As a man proud of his Irish heritage, and as a principal organizer of the first Atlantic City St. Patrick's Day parade in 1986, it was easy for Joe Crilley to decline an invite to join about 200 revelers at the Cove restaurant in the wee hours of March 10.
Crilley popped in the Cove shortly before the Atlantic City St. Patrick's Day Parade began at 1 p.m. and made the rounds of other caravan gathering spots in Brigantine to say hello, but he wanted to be in fine form for his appearance as the 2018 parade grand marshal.
“I wanted to walk proudly down the Boardwalk, and I walked the whole way,” Crilley said.
The mile-plus parade started near Garden Pier on the Boardwalk and ended at Albany Avenue. Crilley led the way with his 10-year-old grandson, Aedyn Pawlyk, who was dressed as a leprechaun, complete with long red beard and green top hat.
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Crilley's daughter Melissa, her husband, Craig Pawlyk, and Aedyn flew up from Charleston, South Carolina, to be part of Joe's special day. And he bore no hard feelings toward Aedyn for stealing some of his thunder.
“He was the star up there,” Crilley said. “As we're walking, a couple people shouted out, 'Hey, can we get a picture?' I said sure, and they said, 'Not with you, with him!'”
A couple of weeks prior to the parade, Crilley flew south to see his grandson perform in a band.
“He's a very accomplished drummer. You'd be surprised,” Crilley beamed. “He was playing in a band with other kids 17 and 18 years old, and he's holding down the drums at 10.”
Crilley knows a thing or two about music himself. As a business partner with the man who's last name first adorned Brigantine's famed Circle Tavern, which disappeared from the island's landscape about 15 years ago, Crilley and Al McMahon routinely brought big-name musicians to town. Clarence Clemons, Edgar Winter, Foghat, Molly Hatchet, Blue Oyster Cult and others all played at the Circle Tavern over the years.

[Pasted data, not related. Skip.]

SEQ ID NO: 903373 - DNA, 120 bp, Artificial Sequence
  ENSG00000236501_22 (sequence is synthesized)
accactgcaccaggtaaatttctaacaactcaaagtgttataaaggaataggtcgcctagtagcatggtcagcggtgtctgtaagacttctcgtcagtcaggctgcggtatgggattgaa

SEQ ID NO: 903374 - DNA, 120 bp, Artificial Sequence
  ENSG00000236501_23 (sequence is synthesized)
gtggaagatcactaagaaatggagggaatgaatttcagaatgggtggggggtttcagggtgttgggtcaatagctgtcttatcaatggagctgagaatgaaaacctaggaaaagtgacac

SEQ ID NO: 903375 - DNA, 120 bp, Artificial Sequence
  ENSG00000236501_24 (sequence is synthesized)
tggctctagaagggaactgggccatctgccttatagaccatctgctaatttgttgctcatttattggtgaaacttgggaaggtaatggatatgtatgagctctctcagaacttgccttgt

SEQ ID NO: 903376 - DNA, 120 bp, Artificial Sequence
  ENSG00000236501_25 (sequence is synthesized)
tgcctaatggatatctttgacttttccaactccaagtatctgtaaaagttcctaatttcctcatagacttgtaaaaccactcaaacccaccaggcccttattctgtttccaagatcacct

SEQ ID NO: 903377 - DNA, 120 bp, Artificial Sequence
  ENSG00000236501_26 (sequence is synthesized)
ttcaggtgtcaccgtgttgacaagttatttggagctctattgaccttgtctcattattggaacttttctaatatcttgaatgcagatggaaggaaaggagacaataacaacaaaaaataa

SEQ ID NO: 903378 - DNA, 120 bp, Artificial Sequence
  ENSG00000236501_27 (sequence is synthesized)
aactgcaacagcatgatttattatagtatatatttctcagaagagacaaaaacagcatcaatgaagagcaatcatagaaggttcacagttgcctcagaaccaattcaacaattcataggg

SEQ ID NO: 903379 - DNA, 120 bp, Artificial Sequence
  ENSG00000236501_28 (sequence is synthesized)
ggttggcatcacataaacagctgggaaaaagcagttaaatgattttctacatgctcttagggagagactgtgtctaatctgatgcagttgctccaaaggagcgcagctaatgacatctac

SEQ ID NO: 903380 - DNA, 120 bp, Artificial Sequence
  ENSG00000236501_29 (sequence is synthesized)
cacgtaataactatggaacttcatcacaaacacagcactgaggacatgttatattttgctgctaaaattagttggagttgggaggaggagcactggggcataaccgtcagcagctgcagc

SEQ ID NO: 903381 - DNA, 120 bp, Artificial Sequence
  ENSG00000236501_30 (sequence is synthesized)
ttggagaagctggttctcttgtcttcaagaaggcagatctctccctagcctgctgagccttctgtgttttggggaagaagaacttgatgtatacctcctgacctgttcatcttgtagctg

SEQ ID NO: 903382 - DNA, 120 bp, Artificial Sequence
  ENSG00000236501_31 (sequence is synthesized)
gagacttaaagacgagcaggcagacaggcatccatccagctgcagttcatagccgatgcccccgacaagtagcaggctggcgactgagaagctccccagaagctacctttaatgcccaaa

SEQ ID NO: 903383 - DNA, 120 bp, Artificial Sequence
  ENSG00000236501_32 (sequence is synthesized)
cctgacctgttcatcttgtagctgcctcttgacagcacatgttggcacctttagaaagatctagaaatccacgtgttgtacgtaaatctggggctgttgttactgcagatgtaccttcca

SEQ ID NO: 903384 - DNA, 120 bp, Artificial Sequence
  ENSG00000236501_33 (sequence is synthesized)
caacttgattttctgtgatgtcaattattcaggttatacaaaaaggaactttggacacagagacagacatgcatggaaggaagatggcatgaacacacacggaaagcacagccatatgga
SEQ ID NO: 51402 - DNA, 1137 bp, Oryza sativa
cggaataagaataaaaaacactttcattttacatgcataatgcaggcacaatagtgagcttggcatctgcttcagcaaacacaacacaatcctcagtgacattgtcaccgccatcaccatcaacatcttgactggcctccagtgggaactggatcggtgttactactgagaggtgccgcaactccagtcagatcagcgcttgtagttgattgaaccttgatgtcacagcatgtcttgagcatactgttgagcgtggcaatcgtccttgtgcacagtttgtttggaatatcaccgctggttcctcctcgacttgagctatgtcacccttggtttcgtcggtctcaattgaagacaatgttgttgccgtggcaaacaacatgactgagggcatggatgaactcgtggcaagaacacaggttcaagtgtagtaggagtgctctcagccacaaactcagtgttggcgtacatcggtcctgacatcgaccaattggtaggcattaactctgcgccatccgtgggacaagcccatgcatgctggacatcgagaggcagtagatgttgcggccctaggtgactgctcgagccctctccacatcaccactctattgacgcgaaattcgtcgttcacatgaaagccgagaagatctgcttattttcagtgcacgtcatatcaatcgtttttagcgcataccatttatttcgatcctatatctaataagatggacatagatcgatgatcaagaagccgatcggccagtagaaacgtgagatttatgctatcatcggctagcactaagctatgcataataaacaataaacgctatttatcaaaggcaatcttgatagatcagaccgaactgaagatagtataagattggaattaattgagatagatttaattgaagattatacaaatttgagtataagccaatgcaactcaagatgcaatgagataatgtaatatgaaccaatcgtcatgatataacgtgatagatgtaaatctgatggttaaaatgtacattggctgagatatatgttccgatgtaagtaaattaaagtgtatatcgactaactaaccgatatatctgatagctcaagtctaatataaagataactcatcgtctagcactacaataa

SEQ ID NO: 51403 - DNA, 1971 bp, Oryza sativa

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McMahon and Crilley joined forces with other Irish tavern owners to establish the Atlantic City St. Patrick's Day Parade in 1986. McMahon died about three years after it started, and was subsequently honored with grand-marshal parade status posthumously. Another longtime Brigantine resident, Harry McGarrigel III — who co-founded the Brigantine Elks Lodge nearly 50 years ago and was a member of the Atlantic City Beach Patrol for more than 40 years — was named grand marshal in 2007. McGarrigel turns 90 on April 2 and still attends the parade each year.
McMahon's Circle Tavern became Crilley's Circle Tavern after McMahon died. The island's live-music hotspot has since been superceded by Laguna Grill & Rum Bar, which during the summer hosts acts such as the Wailers, Third World, Fuel, Soul Asylum and G. Love & Special Sauce.
Laguna Grill — which picked up two awards Feb. 22 at the Atlantic City Weekly Nightlife Awards, including best concert venue — is co-owned by one of the Circle Tavern's former bartenders, Rip Reynolds. Crilley sometimes helps out his former Circle Tavern employee by bartending at Laguna in the summer.
So in a sense, things have come full circle.
“I don't know if that's the best circle you'd want to take, but that's how it played out,” Crilley said.